(Max-Planck-Institut für Plasmaphysik (IPP)) The turbulence code GENE (Gyrokinetic Electromagnetic Numerical Experiment), developed at Max Planck Institute for Plasma Physics (IPP) at Garching, Germany, has proven to be very useful for the theoretical description of turbulence in the plasma of tokamak-type fusion devices. Extended for the more complex geometry of stellarator-type devices, computer simulations with GENE now indicate a new method to reduce plasma turbulence in stellarator plasmas. This could significantly increase the efficiency of a future fusion power plant.
Pity the glycan. A lab has created these very tools by commandeering simple, single-celled microorganisms – namely E. coli bacteria – and engineering them to explore the complex process of glycosylation and the functional role that protein-linked glycans play in health and disease.
The amount of synthetic microfiber we shed into our waterways has been of great concern over the last few years, and for good reason: Every laundry cycle releases in its wastewater tens of thousands of tiny, near-invisible plastic fibers whose persistence and accumulation can affect aquatic habitats and food systems, and ultimately our own bodies in ways we have yet to discover.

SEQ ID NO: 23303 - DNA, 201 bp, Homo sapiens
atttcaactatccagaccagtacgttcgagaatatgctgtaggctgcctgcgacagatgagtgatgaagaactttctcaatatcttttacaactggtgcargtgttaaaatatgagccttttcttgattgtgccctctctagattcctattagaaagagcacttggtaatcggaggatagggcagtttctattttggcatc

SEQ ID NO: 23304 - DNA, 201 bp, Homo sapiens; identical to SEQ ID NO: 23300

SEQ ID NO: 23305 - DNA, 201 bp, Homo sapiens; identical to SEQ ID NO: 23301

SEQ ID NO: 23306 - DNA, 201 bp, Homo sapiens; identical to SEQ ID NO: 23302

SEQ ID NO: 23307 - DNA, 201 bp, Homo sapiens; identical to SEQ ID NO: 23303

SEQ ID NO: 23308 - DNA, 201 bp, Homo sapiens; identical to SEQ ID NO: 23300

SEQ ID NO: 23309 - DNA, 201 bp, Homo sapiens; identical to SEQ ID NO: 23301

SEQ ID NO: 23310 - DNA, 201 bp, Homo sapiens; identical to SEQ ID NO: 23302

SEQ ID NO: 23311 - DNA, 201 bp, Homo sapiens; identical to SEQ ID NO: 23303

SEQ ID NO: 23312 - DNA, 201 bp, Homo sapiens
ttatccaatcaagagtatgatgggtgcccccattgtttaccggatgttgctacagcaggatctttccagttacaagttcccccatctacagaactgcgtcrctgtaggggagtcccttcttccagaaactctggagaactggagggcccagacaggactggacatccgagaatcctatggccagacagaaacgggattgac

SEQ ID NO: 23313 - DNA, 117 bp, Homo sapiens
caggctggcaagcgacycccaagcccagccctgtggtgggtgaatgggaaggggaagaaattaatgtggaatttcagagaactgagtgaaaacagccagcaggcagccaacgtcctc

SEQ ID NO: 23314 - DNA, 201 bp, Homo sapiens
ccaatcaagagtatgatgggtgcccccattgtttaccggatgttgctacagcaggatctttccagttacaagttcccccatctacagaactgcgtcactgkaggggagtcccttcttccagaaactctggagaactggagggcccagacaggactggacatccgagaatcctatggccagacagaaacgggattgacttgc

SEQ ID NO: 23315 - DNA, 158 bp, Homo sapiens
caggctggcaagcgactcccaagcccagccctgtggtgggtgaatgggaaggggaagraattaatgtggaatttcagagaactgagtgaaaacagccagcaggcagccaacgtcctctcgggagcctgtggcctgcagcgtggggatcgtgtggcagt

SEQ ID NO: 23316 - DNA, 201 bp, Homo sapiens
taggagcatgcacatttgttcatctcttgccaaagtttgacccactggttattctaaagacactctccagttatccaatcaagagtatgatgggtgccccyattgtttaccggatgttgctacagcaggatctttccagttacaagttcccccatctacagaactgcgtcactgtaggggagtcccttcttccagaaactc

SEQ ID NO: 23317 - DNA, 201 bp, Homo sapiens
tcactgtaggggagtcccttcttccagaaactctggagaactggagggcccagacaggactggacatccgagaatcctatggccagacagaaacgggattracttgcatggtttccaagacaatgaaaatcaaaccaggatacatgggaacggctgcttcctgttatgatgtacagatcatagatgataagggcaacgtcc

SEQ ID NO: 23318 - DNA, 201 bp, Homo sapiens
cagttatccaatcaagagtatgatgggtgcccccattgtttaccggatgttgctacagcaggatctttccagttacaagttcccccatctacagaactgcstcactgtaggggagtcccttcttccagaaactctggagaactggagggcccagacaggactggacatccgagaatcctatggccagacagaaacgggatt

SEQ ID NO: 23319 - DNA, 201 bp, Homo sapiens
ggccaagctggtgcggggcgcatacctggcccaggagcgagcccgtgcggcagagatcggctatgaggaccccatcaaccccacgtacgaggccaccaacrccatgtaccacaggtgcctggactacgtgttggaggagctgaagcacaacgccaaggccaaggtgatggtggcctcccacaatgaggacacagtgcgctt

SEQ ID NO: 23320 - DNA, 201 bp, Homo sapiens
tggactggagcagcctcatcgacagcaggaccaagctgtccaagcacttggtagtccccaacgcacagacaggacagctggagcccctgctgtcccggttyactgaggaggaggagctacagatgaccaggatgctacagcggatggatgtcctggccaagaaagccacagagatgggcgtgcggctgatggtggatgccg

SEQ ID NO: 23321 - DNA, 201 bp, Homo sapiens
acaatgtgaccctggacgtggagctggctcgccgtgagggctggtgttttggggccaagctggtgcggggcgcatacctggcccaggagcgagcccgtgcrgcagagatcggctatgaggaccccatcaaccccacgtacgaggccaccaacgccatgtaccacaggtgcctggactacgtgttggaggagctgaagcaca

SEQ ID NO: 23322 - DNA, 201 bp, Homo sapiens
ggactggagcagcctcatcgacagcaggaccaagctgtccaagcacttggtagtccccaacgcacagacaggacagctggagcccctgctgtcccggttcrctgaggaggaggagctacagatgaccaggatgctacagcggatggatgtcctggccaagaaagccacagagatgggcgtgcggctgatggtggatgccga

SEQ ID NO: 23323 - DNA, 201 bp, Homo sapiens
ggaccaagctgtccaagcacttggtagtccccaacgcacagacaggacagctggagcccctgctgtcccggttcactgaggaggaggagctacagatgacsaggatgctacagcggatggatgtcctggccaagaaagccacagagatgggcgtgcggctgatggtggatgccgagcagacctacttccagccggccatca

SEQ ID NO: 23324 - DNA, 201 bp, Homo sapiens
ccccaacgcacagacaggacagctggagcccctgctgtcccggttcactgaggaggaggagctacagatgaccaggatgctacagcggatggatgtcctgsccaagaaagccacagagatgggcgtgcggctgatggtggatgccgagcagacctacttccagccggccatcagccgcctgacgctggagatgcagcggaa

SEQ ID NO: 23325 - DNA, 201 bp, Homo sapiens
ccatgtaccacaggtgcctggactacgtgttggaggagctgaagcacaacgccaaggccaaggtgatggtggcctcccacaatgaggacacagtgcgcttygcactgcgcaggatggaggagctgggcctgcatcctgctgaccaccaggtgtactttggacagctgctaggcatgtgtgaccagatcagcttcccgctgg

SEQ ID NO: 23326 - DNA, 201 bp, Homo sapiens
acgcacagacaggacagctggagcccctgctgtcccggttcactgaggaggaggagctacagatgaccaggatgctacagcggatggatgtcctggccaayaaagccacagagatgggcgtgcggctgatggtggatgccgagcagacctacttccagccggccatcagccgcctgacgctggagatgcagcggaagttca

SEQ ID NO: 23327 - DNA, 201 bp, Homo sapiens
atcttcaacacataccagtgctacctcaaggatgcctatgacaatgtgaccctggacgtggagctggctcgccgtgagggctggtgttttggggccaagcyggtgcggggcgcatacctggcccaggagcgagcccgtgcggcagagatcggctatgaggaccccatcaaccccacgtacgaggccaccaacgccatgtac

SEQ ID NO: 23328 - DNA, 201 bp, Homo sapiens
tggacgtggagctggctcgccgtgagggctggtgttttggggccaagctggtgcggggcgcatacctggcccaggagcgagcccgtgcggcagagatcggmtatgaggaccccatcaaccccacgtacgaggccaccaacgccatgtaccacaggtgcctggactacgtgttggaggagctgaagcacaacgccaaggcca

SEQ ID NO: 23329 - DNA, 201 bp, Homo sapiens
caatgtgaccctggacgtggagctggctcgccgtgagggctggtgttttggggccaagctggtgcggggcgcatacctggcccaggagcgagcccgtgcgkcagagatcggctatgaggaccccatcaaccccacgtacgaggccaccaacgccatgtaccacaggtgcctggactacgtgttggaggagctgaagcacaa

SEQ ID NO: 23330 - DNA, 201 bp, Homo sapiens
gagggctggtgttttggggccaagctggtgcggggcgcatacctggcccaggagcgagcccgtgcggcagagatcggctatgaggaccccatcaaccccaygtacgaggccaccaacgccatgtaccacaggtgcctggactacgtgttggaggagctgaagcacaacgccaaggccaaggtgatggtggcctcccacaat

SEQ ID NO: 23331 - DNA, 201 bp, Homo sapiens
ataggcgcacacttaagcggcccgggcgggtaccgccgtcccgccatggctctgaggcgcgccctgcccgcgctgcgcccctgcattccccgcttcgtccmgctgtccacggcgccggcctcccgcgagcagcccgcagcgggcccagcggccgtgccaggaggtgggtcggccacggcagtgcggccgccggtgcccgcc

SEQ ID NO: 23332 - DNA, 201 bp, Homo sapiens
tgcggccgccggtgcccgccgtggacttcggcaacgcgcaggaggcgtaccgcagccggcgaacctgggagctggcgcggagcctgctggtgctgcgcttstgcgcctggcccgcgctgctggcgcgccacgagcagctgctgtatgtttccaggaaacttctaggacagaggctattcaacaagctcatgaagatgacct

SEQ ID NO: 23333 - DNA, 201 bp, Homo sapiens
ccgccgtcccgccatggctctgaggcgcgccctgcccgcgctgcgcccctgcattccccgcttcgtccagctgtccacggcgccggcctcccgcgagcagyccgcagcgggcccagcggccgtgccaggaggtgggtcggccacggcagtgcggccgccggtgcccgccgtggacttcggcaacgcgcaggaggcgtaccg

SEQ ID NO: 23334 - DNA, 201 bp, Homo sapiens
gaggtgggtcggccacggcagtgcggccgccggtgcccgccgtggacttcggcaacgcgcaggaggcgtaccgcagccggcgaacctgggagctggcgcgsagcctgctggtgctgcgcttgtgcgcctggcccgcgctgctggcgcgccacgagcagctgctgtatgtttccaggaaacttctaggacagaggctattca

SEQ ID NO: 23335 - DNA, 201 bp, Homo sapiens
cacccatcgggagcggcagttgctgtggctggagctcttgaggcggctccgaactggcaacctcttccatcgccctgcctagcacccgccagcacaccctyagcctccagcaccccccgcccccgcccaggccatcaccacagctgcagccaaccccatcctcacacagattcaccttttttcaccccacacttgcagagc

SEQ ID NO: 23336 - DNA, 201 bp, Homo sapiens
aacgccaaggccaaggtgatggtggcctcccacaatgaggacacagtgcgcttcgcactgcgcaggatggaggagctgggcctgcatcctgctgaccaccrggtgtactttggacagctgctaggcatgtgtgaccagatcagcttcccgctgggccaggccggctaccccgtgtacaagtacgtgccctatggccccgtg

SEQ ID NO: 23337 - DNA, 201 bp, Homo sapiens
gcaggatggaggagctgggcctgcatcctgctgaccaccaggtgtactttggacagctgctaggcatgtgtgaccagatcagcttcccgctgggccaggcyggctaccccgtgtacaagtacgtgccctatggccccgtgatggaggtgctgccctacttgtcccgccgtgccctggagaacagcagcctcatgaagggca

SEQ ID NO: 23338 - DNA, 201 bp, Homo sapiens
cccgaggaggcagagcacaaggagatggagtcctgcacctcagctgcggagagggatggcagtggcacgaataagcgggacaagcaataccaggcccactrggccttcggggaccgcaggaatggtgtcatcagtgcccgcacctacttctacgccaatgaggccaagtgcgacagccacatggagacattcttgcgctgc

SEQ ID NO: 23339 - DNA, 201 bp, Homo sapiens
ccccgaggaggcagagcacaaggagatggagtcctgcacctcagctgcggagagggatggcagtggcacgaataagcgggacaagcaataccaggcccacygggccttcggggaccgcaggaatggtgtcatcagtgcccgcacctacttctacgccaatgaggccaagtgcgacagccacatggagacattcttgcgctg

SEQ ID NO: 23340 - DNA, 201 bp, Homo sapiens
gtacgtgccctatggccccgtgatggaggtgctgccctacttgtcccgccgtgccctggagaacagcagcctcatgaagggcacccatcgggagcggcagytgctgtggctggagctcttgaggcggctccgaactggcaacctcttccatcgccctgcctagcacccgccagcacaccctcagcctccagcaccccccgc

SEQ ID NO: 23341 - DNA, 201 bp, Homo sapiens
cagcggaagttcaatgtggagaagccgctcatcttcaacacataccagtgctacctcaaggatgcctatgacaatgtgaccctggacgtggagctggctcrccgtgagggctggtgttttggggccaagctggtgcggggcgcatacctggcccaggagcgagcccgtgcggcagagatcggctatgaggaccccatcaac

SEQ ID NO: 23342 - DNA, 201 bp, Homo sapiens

Solar cells have come a long way, but inexpensive, thin film solar cells are still far behind more expensive, crystalline solar cells in efficiency. Now, a team of researchers suggests that using two thin films of different materials may be the way to go to create affordable, thin film cells with about 34% efficiency.
(University of California – Riverside) Algae could compete with petroleum as the fuel of the future if only the process of growing it was more efficient. Thanks to a fellowship from the Link Foundation, it soon could be. Elizabeth Hann, a doctoral student in plant biology at UC Riverside, is using the two-year, $60,000 fellowship to test whether she can grow algae for biofuels completely in the dark using solar-generated electricity.
For the first time, scientists have created pigs, goats and cattle that can serve as viable ‘surrogate sires,’ male animals that produce sperm carrying only the genetic traits of donor animals. The advance could speed the spread of desirable characteristics in livestock and improve food production for a growing global population.
Researchers have successfully produced laser-induced graphene masks with an anti-bacterial efficiency of 80 percent, which can be enhanced to almost 100 percent within 10 minutes under sunlight. Initial tests also showed very promising results in the deactivation of two species of coronaviruses. The graphene masks are easily produced at low cost, and can help to resolve the problems of sourcing raw materials and disposing of non-biodegradable masks.